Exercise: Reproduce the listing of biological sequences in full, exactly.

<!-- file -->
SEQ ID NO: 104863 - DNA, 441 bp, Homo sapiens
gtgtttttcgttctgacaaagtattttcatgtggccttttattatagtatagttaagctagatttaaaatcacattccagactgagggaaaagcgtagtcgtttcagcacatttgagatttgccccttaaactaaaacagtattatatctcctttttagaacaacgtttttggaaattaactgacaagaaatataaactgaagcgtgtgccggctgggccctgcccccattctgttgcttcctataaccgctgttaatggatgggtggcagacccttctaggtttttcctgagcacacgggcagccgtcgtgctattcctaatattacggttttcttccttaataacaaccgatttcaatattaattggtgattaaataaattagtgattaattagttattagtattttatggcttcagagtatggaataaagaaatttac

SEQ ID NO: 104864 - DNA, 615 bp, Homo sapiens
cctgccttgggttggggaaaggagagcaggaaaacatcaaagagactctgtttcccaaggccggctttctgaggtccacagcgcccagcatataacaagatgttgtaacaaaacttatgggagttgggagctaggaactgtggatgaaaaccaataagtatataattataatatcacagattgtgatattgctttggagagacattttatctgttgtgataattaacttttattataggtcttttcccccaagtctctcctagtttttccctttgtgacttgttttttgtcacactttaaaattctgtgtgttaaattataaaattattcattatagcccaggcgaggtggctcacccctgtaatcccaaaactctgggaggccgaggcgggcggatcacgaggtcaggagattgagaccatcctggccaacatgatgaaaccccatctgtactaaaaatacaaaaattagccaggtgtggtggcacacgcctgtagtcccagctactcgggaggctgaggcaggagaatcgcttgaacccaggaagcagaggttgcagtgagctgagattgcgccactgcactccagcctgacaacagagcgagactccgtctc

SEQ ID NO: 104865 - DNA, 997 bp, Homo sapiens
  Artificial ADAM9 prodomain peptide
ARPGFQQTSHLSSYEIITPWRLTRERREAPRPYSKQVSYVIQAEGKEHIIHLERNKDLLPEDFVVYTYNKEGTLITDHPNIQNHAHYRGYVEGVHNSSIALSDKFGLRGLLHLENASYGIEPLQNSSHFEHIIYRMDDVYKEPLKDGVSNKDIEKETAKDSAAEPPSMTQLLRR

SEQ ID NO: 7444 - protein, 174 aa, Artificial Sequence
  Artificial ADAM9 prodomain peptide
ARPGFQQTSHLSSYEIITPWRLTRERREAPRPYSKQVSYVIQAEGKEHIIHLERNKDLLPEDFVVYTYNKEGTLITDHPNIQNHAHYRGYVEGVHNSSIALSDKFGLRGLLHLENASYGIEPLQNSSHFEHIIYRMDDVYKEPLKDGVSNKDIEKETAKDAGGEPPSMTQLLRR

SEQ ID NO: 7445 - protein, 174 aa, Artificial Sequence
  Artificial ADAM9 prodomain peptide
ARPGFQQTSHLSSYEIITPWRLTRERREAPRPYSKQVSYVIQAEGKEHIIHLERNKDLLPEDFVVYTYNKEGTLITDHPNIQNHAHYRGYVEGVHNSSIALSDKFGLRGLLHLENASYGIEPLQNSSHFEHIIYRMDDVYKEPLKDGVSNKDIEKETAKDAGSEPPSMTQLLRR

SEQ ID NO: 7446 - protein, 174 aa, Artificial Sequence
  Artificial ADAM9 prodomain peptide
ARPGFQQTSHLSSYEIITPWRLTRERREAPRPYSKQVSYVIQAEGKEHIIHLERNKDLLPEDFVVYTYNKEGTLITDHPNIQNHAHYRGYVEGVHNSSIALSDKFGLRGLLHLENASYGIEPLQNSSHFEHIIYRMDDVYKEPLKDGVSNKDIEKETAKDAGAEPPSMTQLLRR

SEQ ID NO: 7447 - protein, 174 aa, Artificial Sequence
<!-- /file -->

SEQ ID NO: 104863 - DNA, 441 bp, Homo sapiens
gtgtttttcgttctgacaaagtattttcatgtggccttttattatagtatagttaagctagatttaaaatcacattccagactgagggaaaagcgtagtcgtttcagcacatttgagatttgccccttaaactaaaacagtattatatctcctttttagaacaacgtttttggaaattaactgacaagaaatataaactgaagcgtgtgccggctgggccctgcccccattctgttgcttcctataaccgctgttaatggatgggtggcagacccttctaggtttttcctgagcacacgggcagccgtcgtgctattcctaatattacggttttcttccttaataacaaccgatttcaatattaattggtgattaaataaattagtgattaattagttattagtattttatggcttcagagtatggaataaagaaatttac

SEQ ID NO: 104864 - DNA, 615 bp, Homo sapiens
cctgccttgggttggggaaaggagagcaggaaaacatcaaagagactctgtttcccaaggccggctttctgaggtccacagcgcccagcatataacaagatgttgtaacaaaacttatgggagttgggagctaggaactgtggatgaaaaccaataagtatataattataatatcacagattgtgatattgctttggagagacattttatctgttgtgataattaacttttattataggtcttttcccccaagtctctcctagtttttccctttgtgacttgttttttgtcacactttaaaattctgtgtgttaaattataaaattattcattatagcccaggcgaggtggctcacccctgtaatcccaaaactctgggaggccgaggcgggcggatcacgaggtcaggagattgagaccatcctggccaacatgatgaaaccccatctgtactaaaaatacaaaaattagccaggtgtggtggcacacgcctgtagtcccagctactcgggaggctgaggcaggagaatcgcttgaacccaggaagcagaggttgcagtgagctgagattgcgccactgcactccagcctgacaacagagcgagactccgtctc

SEQ ID NO: 104865 - DNA, 997 bp, Homo sapiens
  Artificial ADAM9 prodomain peptide
ARPGFQQTSHLSSYEIITPWRLTRERREAPRPYSKQVSYVIQAEGKEHIIHLERNKDLLPEDFVVYTYNKEGTLITDHPNIQNHAHYRGYVEGVHNSSIALSDKFGLRGLLHLENASYGIEPLQNSSHFEHIIYRMDDVYKEPLKDGVSNKDIEKETAKDSAAEPPSMTQLLRR

SEQ ID NO: 7444 - protein, 174 aa, Artificial Sequence
  Artificial ADAM9 prodomain peptide
ARPGFQQTSHLSSYEIITPWRLTRERREAPRPYSKQVSYVIQAEGKEHIIHLERNKDLLPEDFVVYTYNKEGTLITDHPNIQNHAHYRGYVEGVHNSSIALSDKFGLRGLLHLENASYGIEPLQNSSHFEHIIYRMDDVYKEPLKDGVSNKDIEKETAKDAGGEPPSMTQLLRR

SEQ ID NO: 7445 - protein, 174 aa, Artificial Sequence
  Artificial ADAM9 prodomain peptide
ARPGFQQTSHLSSYEIITPWRLTRERREAPRPYSKQVSYVIQAEGKEHIIHLERNKDLLPEDFVVYTYNKEGTLITDHPNIQNHAHYRGYVEGVHNSSIALSDKFGLRGLLHLENASYGIEPLQNSSHFEHIIYRMDDVYKEPLKDGVSNKDIEKETAKDAGSEPPSMTQLLRR

SEQ ID NO: 7446 - protein, 174 aa, Artificial Sequence
  Artificial ADAM9 prodomain peptide
ARPGFQQTSHLSSYEIITPWRLTRERREAPRPYSKQVSYVIQAEGKEHIIHLERNKDLLPEDFVVYTYNKEGTLITDHPNIQNHAHYRGYVEGVHNSSIALSDKFGLRGLLHLENASYGIEPLQNSSHFEHIIYRMDDVYKEPLKDGVSNKDIEKETAKDAGAEPPSMTQLLRR

SEQ ID NO: 7447 - protein, 174 aa, Artificial Sequence